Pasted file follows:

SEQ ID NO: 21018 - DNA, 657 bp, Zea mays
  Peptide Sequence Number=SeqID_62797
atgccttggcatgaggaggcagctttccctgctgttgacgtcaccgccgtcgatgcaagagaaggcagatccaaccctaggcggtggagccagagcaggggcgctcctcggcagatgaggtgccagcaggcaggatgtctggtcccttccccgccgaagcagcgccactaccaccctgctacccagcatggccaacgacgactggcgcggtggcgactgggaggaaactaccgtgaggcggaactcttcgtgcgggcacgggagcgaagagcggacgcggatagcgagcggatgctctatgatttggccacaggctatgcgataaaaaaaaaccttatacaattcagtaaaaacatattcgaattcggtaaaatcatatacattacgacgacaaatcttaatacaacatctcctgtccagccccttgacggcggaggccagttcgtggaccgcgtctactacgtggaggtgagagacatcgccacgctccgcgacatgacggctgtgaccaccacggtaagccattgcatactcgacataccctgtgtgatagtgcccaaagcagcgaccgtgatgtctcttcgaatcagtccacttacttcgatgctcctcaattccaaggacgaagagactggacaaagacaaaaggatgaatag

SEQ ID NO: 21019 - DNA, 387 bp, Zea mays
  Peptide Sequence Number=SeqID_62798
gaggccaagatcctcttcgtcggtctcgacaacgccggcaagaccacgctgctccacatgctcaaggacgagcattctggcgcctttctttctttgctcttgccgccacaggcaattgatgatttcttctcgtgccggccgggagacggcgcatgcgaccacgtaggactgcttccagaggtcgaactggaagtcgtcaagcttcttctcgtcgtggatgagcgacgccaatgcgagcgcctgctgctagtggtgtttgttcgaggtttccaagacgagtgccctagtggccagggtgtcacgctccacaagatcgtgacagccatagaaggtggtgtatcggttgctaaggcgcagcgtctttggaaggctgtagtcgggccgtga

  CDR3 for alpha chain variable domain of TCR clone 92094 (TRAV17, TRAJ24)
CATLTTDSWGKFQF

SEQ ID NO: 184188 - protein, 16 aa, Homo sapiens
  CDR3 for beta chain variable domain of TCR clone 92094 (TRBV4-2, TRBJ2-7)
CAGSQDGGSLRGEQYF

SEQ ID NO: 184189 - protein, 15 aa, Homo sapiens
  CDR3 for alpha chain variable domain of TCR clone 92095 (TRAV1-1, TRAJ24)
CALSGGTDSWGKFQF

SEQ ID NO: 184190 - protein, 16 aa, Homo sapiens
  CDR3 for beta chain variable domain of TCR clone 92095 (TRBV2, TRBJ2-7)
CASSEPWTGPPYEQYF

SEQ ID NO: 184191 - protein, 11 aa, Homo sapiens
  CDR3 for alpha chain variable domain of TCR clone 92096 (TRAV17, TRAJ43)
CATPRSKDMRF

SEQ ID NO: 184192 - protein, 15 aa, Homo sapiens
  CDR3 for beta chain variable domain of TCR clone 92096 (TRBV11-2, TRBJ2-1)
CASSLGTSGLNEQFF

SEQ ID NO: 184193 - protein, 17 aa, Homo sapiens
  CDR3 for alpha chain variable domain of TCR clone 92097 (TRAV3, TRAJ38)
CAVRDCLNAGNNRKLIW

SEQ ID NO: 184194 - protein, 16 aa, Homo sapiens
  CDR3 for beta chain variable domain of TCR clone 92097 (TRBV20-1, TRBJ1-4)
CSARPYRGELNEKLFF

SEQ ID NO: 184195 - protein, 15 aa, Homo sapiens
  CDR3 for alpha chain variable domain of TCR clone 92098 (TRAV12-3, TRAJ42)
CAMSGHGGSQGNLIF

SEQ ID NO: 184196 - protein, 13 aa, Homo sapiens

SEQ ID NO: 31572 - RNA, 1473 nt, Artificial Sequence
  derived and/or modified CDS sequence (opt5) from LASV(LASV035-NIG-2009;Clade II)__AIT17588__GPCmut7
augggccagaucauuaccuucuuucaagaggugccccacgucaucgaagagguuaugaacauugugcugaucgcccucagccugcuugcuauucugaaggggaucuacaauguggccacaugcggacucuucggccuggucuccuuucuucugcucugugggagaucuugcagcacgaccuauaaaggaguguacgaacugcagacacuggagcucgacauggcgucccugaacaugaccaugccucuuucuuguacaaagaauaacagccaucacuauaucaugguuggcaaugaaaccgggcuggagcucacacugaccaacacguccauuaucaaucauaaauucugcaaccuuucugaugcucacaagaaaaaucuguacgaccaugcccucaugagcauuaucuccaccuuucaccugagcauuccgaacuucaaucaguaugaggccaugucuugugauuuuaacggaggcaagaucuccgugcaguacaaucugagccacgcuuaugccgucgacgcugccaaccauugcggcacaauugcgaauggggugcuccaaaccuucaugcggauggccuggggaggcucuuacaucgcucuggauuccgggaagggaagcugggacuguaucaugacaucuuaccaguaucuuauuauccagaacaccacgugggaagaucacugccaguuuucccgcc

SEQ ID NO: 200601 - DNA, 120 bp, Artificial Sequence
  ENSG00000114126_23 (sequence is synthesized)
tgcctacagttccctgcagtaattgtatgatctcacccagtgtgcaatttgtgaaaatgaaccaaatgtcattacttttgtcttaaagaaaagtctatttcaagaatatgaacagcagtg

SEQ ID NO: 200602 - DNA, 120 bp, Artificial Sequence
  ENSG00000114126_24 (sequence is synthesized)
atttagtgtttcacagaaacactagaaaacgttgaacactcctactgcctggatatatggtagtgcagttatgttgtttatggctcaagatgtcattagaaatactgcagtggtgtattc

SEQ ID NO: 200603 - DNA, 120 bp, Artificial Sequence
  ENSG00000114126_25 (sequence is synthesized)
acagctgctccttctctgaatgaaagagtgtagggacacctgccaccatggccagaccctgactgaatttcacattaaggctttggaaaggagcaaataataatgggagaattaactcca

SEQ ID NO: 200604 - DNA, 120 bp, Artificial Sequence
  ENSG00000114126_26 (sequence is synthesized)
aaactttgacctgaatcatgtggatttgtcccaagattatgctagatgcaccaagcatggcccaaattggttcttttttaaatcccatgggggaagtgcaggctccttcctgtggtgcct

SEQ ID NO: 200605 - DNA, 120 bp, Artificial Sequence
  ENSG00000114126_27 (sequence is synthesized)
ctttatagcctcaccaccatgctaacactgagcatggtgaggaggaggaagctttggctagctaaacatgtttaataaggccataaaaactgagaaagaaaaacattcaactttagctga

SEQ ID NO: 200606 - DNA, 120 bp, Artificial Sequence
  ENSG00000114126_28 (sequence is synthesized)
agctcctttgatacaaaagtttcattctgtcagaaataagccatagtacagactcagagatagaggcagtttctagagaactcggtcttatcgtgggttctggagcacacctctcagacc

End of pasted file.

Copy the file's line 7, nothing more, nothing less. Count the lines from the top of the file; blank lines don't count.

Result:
  CDR3 for alpha chain variable domain of TCR clone 92094 (TRAV17, TRAJ24)